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Manchester house prices have grown over four times more than wages since 2002

Greater Manchester has seen the biggest rise in house prices of any city-region in England and Wales with homes now almost four times more expensive than they were 20 years ago, data has revealed.

In 2002 the average house price in the area was £65,845 compared to £215,210 in 2022 – a rise of 250%, data from the Office for National Statistics shows. 

It is no secret that house prices have continued to rise throughout the UK with more demand and a low supply and nationwide property costs have risen by more than 175% since 2002. 

However, the rise in house prices does not correlate to an increase in wages, which have only increased by 61.06%. 

This lack of correlation has meant that first-time buyers are facing the toughest conditions in 70 years to buy a home according to the Building Societies Association (BSA) – the voice of all 42 building societies.

Paul Broadhead, Head of Mortgage and housing at the BSA said: “The biggest challenge for first-time buyers is affordability – both affording the cost of buying a home and the cost of owning a home.

“Balancing supply and demand is key and we have seen many interventions that support demand but very little on housing supply. 

“The result has been house price increases well above wage growth, leading ultimately to greater affordability issues for future new first-time buyers.”

Salford experienced the highest house price increase in England and Wales over the past 20 years, rising by 307.4% and almost twice that of the national average.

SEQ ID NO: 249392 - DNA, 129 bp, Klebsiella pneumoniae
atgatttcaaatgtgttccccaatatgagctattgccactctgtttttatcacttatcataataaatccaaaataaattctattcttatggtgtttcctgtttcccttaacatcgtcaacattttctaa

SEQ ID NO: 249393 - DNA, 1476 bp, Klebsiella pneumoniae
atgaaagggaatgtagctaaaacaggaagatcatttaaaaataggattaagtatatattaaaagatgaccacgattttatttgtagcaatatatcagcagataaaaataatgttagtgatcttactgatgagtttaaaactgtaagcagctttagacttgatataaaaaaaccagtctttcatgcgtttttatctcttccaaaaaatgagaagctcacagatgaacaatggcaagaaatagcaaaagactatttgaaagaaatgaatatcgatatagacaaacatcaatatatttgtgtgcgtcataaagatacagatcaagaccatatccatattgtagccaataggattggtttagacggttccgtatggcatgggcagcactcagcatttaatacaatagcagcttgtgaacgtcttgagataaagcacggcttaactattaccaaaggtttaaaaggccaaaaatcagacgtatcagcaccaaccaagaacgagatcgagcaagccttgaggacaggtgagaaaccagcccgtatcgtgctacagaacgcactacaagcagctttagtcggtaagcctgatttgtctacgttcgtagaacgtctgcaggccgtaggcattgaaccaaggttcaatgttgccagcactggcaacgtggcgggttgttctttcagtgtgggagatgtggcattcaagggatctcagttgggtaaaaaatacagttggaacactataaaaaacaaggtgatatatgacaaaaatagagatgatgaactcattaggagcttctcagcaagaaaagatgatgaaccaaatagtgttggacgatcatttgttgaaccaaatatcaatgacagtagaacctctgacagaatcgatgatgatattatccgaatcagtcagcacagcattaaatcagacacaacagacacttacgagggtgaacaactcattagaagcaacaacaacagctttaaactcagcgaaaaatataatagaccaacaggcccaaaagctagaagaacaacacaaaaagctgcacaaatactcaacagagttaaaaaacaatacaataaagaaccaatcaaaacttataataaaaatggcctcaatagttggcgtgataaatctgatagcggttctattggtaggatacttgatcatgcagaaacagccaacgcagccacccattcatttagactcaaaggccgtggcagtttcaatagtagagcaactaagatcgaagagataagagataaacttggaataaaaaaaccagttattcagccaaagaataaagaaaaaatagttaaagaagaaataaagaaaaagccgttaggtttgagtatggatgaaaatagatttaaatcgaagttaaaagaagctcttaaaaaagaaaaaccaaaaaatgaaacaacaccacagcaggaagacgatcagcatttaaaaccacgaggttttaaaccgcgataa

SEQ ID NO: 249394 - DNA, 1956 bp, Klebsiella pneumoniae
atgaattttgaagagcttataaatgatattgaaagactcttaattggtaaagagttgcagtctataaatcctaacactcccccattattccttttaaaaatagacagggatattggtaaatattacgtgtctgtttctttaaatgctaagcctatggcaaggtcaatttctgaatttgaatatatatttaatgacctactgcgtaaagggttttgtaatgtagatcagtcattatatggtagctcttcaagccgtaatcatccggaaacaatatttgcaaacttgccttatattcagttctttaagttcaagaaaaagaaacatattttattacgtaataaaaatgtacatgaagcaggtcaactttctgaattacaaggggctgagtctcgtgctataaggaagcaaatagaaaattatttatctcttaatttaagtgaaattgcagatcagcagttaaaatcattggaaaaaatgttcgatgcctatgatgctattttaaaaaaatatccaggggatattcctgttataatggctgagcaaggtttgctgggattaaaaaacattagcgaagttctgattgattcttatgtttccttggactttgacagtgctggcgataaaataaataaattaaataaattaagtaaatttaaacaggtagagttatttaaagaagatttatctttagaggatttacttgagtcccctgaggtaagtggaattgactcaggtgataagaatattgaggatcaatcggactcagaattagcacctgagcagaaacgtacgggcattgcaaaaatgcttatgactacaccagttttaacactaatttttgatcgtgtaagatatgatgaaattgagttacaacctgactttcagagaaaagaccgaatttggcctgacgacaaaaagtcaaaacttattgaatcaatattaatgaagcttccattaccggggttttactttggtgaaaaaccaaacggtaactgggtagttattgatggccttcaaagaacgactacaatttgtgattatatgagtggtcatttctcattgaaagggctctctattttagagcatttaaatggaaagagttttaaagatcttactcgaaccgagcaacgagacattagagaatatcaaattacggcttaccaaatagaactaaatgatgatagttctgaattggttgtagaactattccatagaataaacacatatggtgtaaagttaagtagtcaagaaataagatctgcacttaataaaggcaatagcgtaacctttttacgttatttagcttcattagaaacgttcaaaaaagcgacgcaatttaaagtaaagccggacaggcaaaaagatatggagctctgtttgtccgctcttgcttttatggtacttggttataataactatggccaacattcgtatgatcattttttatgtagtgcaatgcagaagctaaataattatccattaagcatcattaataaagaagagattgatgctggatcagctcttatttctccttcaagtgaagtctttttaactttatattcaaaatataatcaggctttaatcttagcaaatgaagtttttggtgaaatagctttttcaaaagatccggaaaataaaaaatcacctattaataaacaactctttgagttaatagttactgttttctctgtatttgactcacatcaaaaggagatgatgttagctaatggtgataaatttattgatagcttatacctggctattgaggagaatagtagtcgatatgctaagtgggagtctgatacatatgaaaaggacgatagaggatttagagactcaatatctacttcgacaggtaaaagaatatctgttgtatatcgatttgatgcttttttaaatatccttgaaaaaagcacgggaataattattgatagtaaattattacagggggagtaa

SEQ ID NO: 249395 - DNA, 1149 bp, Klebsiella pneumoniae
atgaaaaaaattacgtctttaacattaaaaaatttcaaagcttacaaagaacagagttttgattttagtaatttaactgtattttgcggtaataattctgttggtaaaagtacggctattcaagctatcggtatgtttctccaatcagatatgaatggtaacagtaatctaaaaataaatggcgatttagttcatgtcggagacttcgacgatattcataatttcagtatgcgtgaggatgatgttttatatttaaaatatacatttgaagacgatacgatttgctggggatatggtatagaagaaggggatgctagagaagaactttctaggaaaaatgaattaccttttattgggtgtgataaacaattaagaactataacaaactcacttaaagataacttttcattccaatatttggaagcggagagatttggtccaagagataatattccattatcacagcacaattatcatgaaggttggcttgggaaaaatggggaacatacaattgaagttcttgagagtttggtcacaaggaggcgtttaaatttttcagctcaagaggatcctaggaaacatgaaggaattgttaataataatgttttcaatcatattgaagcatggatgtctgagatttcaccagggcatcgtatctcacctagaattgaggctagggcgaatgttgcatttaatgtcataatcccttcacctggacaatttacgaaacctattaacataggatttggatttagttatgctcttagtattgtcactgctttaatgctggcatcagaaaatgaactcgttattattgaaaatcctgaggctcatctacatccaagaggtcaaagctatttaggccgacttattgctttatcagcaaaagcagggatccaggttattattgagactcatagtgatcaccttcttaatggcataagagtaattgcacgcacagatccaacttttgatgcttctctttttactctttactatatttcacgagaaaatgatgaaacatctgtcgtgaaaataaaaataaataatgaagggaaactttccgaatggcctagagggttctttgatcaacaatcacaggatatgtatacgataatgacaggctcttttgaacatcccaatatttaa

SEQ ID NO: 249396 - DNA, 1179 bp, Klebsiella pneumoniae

But in the last twenty years wages rose by 68.97%, 8% over the national average and ranking 71st among all local authorities in the country.

SteadyStateManchester believe that the hike is largely due to the mass regeneration scheme and an influx of foreign investors alongside the arrival of MediaCity and its proximity to Manchester City Centre. 

Dr Johnathan Silver told the BBC that the increase in house price was a good example of what is happening across Manchester. 

He said: “What should be homes for Manchester are being turned into assets and security boxes for offshore wealth.”

Bolton saw the smallest change in house prices in this period, however they still more than doubled.

But the town also experienced the lowest wage increase, with average income rising by 51.77% – 10% lower than the national average and placed Bolton 255th among all UK local authorities for wage growth. 

Charlotte Hughes, a office administrator at a primary school in Bolton said: “The wages are lower in Bolton so it’s harder to save for a deposit. 

“Most young people I know are returning from renting to live with parents to help them save up.

“There needs to be more schemes and incentives for first time buyers and maybe some courses in what to expect.”

Feature image: Graham Hogg via WikiCommons

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